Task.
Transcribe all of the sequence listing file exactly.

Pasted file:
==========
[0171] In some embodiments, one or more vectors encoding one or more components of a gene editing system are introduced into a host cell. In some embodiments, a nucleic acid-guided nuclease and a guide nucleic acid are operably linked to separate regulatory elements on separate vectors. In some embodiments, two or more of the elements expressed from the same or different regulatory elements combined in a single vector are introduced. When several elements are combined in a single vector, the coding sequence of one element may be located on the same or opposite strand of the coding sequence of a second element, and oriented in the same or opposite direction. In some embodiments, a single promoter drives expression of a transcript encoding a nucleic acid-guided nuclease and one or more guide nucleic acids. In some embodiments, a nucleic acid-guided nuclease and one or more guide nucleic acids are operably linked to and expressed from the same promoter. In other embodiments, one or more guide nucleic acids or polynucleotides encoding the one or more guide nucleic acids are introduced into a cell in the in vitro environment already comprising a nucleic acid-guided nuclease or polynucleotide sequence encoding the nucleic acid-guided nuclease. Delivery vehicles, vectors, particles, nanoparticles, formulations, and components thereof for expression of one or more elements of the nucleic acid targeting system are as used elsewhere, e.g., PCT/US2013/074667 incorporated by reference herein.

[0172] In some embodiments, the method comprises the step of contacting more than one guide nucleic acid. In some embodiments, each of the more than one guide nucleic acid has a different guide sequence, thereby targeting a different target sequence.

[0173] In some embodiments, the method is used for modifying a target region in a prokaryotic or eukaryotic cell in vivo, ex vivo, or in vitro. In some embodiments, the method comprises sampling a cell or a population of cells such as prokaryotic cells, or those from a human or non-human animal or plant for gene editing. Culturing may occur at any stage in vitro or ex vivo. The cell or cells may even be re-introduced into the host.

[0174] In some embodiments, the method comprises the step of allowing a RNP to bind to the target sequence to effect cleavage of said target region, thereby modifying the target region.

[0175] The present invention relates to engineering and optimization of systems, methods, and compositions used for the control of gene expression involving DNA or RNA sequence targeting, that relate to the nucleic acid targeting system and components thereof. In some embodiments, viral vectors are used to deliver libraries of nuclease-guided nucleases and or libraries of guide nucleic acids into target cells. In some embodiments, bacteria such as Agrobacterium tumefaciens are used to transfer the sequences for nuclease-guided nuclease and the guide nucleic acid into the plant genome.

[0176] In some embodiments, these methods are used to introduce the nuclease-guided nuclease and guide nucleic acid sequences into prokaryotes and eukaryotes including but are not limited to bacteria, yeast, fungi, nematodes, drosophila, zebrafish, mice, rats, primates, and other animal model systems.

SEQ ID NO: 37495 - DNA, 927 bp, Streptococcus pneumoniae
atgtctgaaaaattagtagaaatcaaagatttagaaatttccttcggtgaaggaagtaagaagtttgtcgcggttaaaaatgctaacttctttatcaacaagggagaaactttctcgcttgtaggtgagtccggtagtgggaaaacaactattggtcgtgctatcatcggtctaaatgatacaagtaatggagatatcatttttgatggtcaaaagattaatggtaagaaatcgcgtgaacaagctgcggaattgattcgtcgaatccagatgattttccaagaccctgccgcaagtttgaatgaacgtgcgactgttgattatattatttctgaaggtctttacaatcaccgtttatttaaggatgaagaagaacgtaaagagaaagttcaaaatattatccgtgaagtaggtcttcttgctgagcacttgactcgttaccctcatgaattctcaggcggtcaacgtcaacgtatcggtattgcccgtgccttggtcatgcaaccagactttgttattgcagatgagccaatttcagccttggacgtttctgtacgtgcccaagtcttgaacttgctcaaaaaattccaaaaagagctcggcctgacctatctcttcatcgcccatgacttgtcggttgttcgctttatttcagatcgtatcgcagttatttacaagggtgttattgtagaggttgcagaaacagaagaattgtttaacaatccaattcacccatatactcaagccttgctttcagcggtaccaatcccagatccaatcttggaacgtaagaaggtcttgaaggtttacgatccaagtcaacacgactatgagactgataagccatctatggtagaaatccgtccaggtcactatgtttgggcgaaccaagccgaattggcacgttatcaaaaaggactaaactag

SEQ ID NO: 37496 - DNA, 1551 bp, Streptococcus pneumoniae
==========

[0171] In some embodiments, one or more vectors encoding one or more components of a gene editing system are introduced into a host cell. In some embodiments, a nucleic acid-guided nuclease and a guide nucleic acid are operably linked to separate regulatory elements on separate vectors. In some embodiments, two or more of the elements expressed from the same or different regulatory elements combined in a single vector are introduced. When several elements are combined in a single vector, the coding sequence of one element may be located on the same or opposite strand of the coding sequence of a second element, and oriented in the same or opposite direction. In some embodiments, a single promoter drives expression of a transcript encoding a nucleic acid-guided nuclease and one or more guide nucleic acids. In some embodiments, a nucleic acid-guided nuclease and one or more guide nucleic acids are operably linked to and expressed from the same promoter. In other embodiments, one or more guide nucleic acids or polynucleotides encoding the one or more guide nucleic acids are introduced into a cell in the in vitro environment already comprising a nucleic acid-guided nuclease or polynucleotide sequence encoding the nucleic acid-guided nuclease. Delivery vehicles, vectors, particles, nanoparticles, formulations, and components thereof for expression of one or more elements of the nucleic acid targeting system are as used elsewhere, e.g., PCT/US2013/074667 incorporated by reference herein.

[0172] In some embodiments, the method comprises the step of contacting more than one guide nucleic acid. In some embodiments, each of the more than one guide nucleic acid has a different guide sequence, thereby targeting a different target sequence.

[0173] In some embodiments, the method is used for modifying a target region in a prokaryotic or eukaryotic cell in vivo, ex vivo, or in vitro. In some embodiments, the method comprises sampling a cell or a population of cells such as prokaryotic cells, or those from a human or non-human animal or plant for gene editing. Culturing may occur at any stage in vitro or ex vivo. The cell or cells may even be re-introduced into the host.

[0174] In some embodiments, the method comprises the step of allowing a RNP to bind to the target sequence to effect cleavage of said target region, thereby modifying the target region.

[0175] The present invention relates to engineering and optimization of systems, methods, and compositions used for the control of gene expression involving DNA or RNA sequence targeting, that relate to the nucleic acid targeting system and components thereof. In some embodiments, viral vectors are used to deliver libraries of nuclease-guided nucleases and or libraries of guide nucleic acids into target cells. In some embodiments, bacteria such as Agrobacterium tumefaciens are used to transfer the sequences for nuclease-guided nuclease and the guide nucleic acid into the plant genome.

[0176] In some embodiments, these methods are used to introduce the nuclease-guided nuclease and guide nucleic acid sequences into prokaryotes and eukaryotes including but are not limited to bacteria, yeast, fungi, nematodes, drosophila, zebrafish, mice, rats, primates, and other animal model systems.

SEQ ID NO: 37495 - DNA, 927 bp, Streptococcus pneumoniae
atgtctgaaaaattagtagaaatcaaagatttagaaatttccttcggtgaaggaagtaagaagtttgtcgcggttaaaaatgctaacttctttatcaacaagggagaaactttctcgcttgtaggtgagtccggtagtgggaaaacaactattggtcgtgctatcatcggtctaaatgatacaagtaatggagatatcatttttgatggtcaaaagattaatggtaagaaatcgcgtgaacaagctgcggaattgattcgtcgaatccagatgattttccaagaccctgccgcaagtttgaatgaacgtgcgactgttgattatattatttctgaaggtctttacaatcaccgtttatttaaggatgaagaagaacgtaaagagaaagttcaaaatattatccgtgaagtaggtcttcttgctgagcacttgactcgttaccctcatgaattctcaggcggtcaacgtcaacgtatcggtattgcccgtgccttggtcatgcaaccagactttgttattgcagatgagccaatttcagccttggacgtttctgtacgtgcccaagtcttgaacttgctcaaaaaattccaaaaagagctcggcctgacctatctcttcatcgcccatgacttgtcggttgttcgctttatttcagatcgtatcgcagttatttacaagggtgttattgtagaggttgcagaaacagaagaattgtttaacaatccaattcacccatatactcaagccttgctttcagcggtaccaatcccagatccaatcttggaacgtaagaaggtcttgaaggtttacgatccaagtcaacacgactatgagactgataagccatctatggtagaaatccgtccaggtcactatgtttgggcgaaccaagccgaattggcacgttatcaaaaaggactaaactag

SEQ ID NO: 37496 - DNA, 1551 bp, Streptococcus pneumoniae